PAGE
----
good hello

I can’t quite figure out why, since crying makes me embarrassed even when I am alone, but I love watching those compilation videos of soldiers coming home to surprise their families. I literally bawl, with tears dripping down off my chin and my nose runny and my face scrunched up so that I’m more grimacing than smiling. They are heartwarming, yes, and I’m always happy to see people reunited, but I can’t help but wonder how many people watching the video really understand what it’s like.

I was eight-going-on-nine years old when my father was deployed to Afghanistan for a year. I was used to having him around almost all the time, which is what basically everyone says, but I didn’t expect his absence to hit me so hard. When the other kids in school even mentioned their parents, it took a lot of courage for me to hold back my tears. I remember walking to recess one day and a girl in my class asked why my dad was never home. I couldn’t even explain. I just started crying.

In sixth grade, I wrote a poem about those long months without him, which won a regional poetry competition. It didn’t feel right, though. I just knew those judges reading my poem couldn’t possibly know what it was like. I get that same feeling watching these videos. How many people know what it’s like to stand still in shock, scared to believe the person who’d left is really there? It only takes a millisecond for recognition to happen, but allowing yourself to believe he is really truly there takes much longer. Even when you run up to the person – full speed until the very last second when you try to slow down but can’t even stop yourself because of the excitement and happiness – you don’t fully believe he is there. How many people know how scratchy that army uniform usually is? It’s coarse and rough and it smells like far-away places, but it’s the one way you can tell the person isn’t just in your imagination. After a couple seconds, you don’t even notice the scratchiness anymore. It’s kind of soft, actually, but it’s still useless when it comes to soaking up all your tears. For me, the crying and smiling happens almost simultaneously; the crying comes first, though. Before I believe he’s really there, I can feel my muscles distorting my face while I’m thinking, this is a really cruel trick to play on myself. The corners of my mouth, which had turned down from the painful thought, involuntarily extend outwards and slightly up, so I end up with a smile that looks forced. Then the tears come, for two different reasons at once: I’m still sad that he was gone for so long, but I’m so glad that he’s home now. I look at his face for any differences, and there are some, but I don’t think I am capable of noticing. My brain is readjusting its memory to make the moment seem valid; even if he’d left with a full-on beard and come back cleanly shaven, I wouldn’t notice for those first few moments. He is exactly how he left me and exactly how I remember him, but somehow more beautiful. There is a tiredness in his eyes from being somewhere I hope to never have to go, and a sadness in his mouth, but all around him is a glow. (I remember being terrified at first, upon seeing my dad after a year away, because he looked so much like an angel that I thought he’d died and was just visiting.) His voice is heavy, but he sounds perfect. I don’t remember what my dad said – just that his voice was exactly how I remembered it, too. We’d gotten to talk to him on the phone at least once a month, but that was always an awkward thing. No matter what we talked about, I wondered if he felt calling home was just an obligation. Crying was not acceptable on the phone, so I would wait until I’d given the phone back to mom to break down. We only had a few minutes to share among my mother, my sister, and me; some nights, dad would have to call later than usual and my sister and I would already be in bed. There are still times when we mention things from that year that I guess we never got to talk to him about. It’s a whole year of my life with my dad mysteriously cut out, and it seemed like the longest year of my life.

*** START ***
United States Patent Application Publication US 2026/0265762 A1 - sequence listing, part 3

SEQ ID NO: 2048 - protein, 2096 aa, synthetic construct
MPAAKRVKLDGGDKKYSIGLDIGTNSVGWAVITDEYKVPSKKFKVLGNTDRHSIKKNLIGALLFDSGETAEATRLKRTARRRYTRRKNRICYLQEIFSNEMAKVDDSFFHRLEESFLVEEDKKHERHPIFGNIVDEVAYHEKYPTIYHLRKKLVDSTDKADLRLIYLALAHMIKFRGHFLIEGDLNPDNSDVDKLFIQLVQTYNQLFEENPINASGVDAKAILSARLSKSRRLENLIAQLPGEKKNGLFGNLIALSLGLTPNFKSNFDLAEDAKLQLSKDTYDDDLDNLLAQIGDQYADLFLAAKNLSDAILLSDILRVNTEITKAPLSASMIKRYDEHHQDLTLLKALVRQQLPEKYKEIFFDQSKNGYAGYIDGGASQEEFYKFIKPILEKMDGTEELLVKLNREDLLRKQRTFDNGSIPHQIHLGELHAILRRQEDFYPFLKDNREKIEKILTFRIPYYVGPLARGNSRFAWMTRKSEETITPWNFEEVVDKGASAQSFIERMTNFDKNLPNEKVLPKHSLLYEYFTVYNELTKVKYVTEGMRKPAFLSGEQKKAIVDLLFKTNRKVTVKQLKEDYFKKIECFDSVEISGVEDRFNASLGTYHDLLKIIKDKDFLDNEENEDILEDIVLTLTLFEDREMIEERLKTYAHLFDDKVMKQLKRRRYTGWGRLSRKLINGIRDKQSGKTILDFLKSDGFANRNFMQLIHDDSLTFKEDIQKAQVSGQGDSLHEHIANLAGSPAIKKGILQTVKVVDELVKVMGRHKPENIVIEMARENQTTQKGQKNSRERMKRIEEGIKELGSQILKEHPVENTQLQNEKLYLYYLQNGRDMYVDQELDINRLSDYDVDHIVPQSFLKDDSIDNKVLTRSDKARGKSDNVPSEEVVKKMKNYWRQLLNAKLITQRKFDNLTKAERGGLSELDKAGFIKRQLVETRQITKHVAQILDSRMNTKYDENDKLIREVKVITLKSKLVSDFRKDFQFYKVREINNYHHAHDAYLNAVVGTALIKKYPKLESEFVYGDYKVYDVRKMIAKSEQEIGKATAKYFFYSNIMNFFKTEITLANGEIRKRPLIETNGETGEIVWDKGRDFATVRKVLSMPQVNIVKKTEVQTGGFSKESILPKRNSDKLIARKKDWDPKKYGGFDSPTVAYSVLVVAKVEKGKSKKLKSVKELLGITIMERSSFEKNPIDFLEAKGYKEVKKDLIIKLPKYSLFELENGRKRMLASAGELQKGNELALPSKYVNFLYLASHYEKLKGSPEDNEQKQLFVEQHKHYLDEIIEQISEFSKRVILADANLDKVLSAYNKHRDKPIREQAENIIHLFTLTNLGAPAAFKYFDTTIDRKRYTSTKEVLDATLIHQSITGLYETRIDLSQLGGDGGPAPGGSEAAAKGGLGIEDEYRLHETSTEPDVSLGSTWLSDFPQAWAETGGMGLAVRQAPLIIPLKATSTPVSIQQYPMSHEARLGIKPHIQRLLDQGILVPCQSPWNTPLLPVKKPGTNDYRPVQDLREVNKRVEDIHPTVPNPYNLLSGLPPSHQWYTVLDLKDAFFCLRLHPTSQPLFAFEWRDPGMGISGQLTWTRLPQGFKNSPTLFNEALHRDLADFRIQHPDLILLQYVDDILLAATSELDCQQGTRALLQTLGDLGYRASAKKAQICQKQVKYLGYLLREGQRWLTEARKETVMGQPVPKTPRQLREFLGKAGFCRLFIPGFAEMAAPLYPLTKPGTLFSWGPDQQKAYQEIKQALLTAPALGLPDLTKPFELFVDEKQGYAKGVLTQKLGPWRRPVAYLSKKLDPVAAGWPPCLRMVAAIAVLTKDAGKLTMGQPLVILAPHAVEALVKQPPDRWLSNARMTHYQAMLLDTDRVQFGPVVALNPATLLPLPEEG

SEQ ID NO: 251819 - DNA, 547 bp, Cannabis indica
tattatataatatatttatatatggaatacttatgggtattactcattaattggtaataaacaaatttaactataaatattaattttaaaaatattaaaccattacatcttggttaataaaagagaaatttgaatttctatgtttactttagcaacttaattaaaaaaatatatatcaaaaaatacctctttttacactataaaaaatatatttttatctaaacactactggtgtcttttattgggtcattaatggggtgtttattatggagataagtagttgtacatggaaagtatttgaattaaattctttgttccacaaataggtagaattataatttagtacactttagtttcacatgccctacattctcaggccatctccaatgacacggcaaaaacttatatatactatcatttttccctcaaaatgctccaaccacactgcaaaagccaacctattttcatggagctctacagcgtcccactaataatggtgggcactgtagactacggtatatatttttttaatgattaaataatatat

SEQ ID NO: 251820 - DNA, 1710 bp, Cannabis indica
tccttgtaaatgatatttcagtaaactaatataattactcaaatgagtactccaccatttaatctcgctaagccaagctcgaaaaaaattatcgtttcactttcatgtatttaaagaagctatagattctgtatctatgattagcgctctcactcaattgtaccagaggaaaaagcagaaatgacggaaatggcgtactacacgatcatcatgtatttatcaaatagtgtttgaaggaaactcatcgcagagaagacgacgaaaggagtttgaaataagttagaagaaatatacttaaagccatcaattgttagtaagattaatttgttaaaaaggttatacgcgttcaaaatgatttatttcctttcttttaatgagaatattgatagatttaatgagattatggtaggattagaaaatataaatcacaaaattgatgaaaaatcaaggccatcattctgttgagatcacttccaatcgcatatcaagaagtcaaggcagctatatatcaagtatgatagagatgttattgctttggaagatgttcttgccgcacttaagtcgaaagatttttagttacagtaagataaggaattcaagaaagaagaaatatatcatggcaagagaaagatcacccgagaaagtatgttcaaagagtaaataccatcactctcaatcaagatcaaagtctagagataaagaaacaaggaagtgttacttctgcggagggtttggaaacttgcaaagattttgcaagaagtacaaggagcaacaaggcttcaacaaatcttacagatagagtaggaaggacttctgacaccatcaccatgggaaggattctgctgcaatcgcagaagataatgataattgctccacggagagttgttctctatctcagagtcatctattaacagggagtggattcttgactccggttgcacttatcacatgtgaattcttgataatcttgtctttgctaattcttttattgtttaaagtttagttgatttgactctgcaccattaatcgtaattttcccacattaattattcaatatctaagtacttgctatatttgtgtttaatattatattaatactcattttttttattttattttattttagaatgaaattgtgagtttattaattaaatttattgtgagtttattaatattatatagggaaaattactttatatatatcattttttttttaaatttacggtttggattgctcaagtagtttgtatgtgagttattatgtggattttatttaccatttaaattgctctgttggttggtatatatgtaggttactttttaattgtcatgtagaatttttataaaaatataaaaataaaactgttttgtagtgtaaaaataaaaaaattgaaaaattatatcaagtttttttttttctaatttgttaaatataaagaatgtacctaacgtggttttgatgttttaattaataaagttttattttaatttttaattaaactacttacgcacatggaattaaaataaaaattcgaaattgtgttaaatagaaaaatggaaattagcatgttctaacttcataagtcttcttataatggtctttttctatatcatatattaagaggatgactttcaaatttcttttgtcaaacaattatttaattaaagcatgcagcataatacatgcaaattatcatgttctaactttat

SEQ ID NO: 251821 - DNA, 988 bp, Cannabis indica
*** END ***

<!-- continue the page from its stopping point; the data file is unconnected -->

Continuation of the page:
What those videos can never show to anyone who hasn’t experienced it, though, is the weight that is lifted off family members’ shoulders when their loved ones come home. I can see it – I watch for it, actually – in the way even littlest kids stand up straighter. I wonder how many people watch those videos and feel what I felt when my dad came home: I was finally done missing him. I could finally talk about him again, and call him my father and feel like that mattered.

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